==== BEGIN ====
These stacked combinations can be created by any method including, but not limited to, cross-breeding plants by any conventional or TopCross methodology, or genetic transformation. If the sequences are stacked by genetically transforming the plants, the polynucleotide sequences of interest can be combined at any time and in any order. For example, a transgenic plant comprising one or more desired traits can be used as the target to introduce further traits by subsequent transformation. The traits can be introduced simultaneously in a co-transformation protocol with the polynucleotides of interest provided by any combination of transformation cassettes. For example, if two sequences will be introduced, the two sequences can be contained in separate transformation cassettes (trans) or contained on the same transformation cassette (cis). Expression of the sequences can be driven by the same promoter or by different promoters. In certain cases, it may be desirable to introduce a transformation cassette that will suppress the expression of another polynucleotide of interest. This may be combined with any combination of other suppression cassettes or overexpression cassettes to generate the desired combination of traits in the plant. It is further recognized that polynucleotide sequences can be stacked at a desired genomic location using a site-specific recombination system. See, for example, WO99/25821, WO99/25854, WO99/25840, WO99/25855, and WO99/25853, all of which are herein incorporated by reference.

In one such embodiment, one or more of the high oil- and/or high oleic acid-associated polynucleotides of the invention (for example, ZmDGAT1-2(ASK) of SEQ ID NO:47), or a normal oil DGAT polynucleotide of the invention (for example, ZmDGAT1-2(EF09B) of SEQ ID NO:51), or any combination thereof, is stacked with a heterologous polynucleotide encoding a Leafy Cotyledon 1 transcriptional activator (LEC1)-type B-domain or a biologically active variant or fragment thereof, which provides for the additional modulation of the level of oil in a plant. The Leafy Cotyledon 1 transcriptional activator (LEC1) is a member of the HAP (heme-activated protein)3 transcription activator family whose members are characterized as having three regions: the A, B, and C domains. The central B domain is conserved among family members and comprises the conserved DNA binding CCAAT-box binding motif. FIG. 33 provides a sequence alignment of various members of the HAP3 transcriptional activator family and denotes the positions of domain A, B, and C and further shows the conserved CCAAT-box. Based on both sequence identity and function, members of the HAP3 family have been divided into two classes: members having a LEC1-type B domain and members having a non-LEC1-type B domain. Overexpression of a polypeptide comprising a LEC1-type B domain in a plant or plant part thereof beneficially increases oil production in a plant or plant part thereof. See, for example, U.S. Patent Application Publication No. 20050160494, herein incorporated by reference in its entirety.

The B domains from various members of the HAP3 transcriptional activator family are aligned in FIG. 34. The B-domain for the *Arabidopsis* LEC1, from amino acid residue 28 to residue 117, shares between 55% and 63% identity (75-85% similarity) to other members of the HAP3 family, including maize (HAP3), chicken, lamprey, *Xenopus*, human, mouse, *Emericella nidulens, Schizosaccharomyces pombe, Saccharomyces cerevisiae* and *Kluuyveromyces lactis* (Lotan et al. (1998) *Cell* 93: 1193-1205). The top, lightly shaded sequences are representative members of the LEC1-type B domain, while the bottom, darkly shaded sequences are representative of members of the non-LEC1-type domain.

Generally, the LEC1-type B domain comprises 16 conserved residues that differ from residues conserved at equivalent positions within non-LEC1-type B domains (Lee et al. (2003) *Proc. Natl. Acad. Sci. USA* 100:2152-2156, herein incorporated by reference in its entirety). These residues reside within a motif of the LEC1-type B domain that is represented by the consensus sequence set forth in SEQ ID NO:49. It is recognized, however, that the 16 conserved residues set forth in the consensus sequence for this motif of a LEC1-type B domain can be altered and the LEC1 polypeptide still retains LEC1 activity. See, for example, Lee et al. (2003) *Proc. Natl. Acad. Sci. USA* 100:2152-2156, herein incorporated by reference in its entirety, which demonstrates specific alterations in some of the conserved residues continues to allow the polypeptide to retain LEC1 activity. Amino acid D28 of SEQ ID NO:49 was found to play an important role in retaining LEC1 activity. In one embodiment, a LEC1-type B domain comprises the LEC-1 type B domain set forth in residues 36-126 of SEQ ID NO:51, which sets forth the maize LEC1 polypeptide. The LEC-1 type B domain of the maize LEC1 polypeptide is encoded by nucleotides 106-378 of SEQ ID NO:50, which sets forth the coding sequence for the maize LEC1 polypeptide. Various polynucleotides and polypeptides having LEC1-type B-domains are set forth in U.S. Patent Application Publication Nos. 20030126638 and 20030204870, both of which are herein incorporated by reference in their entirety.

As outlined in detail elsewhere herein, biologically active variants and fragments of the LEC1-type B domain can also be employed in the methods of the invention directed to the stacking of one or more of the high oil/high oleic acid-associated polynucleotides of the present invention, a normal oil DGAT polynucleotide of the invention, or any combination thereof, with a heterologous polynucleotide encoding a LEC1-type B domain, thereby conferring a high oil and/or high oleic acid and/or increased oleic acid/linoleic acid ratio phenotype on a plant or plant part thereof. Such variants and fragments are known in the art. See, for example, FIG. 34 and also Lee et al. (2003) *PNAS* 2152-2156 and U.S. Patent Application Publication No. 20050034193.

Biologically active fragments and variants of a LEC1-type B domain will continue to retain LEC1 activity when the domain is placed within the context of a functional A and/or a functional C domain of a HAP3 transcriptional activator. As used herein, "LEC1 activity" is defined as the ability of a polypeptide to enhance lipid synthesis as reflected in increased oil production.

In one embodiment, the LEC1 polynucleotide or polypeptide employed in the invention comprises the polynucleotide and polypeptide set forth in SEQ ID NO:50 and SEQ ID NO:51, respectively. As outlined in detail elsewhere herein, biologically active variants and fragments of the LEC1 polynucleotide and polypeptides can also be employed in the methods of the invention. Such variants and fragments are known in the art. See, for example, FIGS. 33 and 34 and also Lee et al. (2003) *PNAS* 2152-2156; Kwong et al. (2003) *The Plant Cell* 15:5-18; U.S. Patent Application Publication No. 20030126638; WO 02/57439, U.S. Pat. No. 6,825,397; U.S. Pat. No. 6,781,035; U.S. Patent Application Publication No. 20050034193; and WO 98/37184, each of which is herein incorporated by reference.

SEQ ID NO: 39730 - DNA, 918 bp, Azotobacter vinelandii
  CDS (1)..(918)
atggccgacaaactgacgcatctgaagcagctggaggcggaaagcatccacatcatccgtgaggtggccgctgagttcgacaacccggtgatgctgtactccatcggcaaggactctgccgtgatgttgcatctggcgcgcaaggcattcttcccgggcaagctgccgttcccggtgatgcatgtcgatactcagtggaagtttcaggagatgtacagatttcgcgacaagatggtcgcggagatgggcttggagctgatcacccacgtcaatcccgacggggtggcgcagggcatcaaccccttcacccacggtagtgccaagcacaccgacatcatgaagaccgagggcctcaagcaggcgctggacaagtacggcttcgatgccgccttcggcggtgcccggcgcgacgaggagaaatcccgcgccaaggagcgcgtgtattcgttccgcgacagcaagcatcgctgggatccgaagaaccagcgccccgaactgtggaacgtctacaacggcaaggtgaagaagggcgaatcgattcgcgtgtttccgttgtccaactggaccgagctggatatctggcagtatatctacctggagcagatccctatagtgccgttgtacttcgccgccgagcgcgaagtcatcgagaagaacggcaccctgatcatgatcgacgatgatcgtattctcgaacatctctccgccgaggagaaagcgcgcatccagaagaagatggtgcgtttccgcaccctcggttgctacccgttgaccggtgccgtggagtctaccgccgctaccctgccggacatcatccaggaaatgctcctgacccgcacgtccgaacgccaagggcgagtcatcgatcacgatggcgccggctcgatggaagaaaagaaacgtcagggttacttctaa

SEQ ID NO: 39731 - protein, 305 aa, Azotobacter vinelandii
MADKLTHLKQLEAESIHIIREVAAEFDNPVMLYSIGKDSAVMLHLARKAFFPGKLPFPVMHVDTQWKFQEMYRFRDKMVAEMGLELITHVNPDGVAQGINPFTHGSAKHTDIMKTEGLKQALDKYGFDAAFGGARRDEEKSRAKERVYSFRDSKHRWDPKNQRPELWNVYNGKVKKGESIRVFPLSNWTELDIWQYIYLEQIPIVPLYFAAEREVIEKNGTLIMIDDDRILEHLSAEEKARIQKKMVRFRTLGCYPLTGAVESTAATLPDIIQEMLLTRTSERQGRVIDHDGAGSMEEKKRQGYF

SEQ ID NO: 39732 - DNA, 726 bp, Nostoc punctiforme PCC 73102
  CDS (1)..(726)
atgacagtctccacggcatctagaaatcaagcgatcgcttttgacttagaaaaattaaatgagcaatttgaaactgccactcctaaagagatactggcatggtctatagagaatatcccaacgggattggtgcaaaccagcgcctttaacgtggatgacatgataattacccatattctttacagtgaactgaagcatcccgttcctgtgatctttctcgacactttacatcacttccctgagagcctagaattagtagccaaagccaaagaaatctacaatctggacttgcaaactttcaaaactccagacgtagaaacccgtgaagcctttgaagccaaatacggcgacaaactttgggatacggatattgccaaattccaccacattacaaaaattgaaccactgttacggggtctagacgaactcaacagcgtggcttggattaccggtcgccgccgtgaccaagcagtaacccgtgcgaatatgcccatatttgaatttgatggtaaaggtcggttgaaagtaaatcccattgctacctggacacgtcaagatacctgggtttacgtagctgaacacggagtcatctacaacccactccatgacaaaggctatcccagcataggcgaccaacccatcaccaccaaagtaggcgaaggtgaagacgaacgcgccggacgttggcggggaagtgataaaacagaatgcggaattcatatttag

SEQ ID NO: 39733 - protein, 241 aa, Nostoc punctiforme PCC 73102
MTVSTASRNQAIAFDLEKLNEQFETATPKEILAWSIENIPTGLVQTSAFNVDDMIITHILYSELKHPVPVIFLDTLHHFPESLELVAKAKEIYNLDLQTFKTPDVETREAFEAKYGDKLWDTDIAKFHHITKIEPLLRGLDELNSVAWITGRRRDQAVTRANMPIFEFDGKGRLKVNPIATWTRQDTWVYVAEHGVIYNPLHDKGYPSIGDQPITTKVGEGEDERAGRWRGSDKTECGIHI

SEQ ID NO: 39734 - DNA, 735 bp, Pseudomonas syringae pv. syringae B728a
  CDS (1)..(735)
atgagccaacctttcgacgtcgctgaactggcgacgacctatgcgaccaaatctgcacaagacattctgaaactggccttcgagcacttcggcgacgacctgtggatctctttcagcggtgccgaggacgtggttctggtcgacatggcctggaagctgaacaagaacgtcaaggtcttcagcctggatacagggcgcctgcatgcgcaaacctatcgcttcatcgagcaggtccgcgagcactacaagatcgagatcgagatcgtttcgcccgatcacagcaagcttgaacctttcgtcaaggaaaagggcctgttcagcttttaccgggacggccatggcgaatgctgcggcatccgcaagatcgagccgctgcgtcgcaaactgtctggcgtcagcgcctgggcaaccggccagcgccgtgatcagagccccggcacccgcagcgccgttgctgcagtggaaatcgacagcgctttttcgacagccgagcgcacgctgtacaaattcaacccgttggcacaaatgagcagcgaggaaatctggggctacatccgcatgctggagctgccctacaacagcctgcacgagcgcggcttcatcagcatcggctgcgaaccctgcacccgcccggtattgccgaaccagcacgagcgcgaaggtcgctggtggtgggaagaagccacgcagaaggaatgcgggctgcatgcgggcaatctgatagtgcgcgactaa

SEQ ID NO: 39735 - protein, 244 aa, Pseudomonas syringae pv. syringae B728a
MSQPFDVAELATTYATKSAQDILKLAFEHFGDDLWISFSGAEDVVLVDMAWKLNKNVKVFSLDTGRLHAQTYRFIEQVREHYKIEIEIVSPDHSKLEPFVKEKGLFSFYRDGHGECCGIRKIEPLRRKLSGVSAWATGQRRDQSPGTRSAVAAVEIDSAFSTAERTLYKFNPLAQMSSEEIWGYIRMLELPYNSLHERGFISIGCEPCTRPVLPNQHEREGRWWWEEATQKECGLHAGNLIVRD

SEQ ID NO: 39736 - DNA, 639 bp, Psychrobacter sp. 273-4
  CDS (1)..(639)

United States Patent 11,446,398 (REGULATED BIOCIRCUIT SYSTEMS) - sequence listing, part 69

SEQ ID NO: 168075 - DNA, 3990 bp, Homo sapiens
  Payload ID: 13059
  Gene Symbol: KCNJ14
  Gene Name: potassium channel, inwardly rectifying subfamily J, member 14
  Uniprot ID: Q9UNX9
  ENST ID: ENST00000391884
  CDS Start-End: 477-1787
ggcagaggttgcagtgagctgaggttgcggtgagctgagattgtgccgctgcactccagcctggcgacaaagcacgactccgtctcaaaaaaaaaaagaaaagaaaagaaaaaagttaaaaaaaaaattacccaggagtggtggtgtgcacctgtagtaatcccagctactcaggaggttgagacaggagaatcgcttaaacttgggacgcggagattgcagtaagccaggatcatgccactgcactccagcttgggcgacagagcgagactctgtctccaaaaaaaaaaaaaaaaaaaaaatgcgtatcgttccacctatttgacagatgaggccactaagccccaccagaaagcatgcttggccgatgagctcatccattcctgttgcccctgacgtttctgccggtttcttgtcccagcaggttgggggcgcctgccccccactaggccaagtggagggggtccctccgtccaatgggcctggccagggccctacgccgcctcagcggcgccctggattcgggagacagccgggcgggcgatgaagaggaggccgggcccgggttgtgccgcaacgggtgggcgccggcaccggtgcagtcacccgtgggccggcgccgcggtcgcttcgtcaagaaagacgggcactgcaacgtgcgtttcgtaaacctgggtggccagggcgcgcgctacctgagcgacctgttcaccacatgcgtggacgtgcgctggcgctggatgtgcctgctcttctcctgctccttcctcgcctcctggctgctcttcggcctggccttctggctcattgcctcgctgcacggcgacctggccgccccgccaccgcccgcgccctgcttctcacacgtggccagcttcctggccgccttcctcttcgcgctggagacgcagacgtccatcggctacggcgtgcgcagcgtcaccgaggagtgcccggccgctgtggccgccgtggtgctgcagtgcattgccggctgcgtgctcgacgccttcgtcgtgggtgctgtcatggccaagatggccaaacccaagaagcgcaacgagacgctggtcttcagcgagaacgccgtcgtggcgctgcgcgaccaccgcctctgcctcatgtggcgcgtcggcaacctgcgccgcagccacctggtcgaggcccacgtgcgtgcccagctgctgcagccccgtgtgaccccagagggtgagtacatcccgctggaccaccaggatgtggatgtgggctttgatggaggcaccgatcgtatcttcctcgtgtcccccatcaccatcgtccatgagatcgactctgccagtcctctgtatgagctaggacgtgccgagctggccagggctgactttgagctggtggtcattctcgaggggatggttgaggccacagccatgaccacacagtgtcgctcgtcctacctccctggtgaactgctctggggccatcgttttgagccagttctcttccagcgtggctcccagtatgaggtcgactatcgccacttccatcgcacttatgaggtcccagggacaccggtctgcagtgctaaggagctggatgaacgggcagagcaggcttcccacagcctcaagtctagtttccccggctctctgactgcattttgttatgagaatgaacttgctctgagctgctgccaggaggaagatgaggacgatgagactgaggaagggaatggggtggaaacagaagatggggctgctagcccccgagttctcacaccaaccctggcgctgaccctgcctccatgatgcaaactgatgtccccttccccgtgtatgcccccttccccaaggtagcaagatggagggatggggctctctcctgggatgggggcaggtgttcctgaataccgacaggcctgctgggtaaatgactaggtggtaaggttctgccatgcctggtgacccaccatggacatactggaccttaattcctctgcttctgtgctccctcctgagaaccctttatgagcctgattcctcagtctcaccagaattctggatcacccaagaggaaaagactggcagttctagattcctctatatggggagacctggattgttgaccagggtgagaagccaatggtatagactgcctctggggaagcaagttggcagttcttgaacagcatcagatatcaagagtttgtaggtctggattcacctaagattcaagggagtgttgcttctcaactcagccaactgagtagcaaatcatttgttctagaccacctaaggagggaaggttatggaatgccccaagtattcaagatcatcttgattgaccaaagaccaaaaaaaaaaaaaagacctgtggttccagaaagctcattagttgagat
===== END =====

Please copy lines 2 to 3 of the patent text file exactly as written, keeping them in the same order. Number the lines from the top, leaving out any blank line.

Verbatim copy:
In one such embodiment, one or more of the high oil- and/or high oleic acid-associated polynucleotides of the invention (for example, ZmDGAT1-2(ASK) of SEQ ID NO:47), or a normal oil DGAT polynucleotide of the invention (for example, ZmDGAT1-2(EF09B) of SEQ ID NO:51), or any combination thereof, is stacked with a heterologous polynucleotide encoding a Leafy Cotyledon 1 transcriptional activator (LEC1)-type B-domain or a biologically active variant or fragment thereof, which provides for the additional modulation of the level of oil in a plant. The Leafy Cotyledon 1 transcriptional activator (LEC1) is a member of the HAP (heme-activated protein)3 transcription activator family whose members are characterized as having three regions: the A, B, and C domains. The central B domain is conserved among family members and comprises the conserved DNA binding CCAAT-box binding motif. FIG. 33 provides a sequence alignment of various members of the HAP3 transcriptional activator family and denotes the positions of domain A, B, and C and further shows the conserved CCAAT-box. Based on both sequence identity and function, members of the HAP3 family have been divided into two classes: members having a LEC1-type B domain and members having a non-LEC1-type B domain. Overexpression of a polypeptide comprising a LEC1-type B domain in a plant or plant part thereof beneficially increases oil production in a plant or plant part thereof. See, for example, U.S. Patent Application Publication No. 20050160494, herein incorporated by reference in its entirety.

The B domains from various members of the HAP3 transcriptional activator family are aligned in FIG. 34. The B-domain for the *Arabidopsis* LEC1, from amino acid residue 28 to residue 117, shares between 55% and 63% identity (75-85% similarity) to other members of the HAP3 family, including maize (HAP3), chicken, lamprey, *Xenopus*, human, mouse, *Emericella nidulens, Schizosaccharomyces pombe, Saccharomyces cerevisiae* and *Kluuyveromyces lactis* (Lotan et al. (1998) *Cell* 93: 1193-1205). The top, lightly shaded sequences are representative members of the LEC1-type B domain, while the bottom, darkly shaded sequences are representative of members of the non-LEC1-type domain.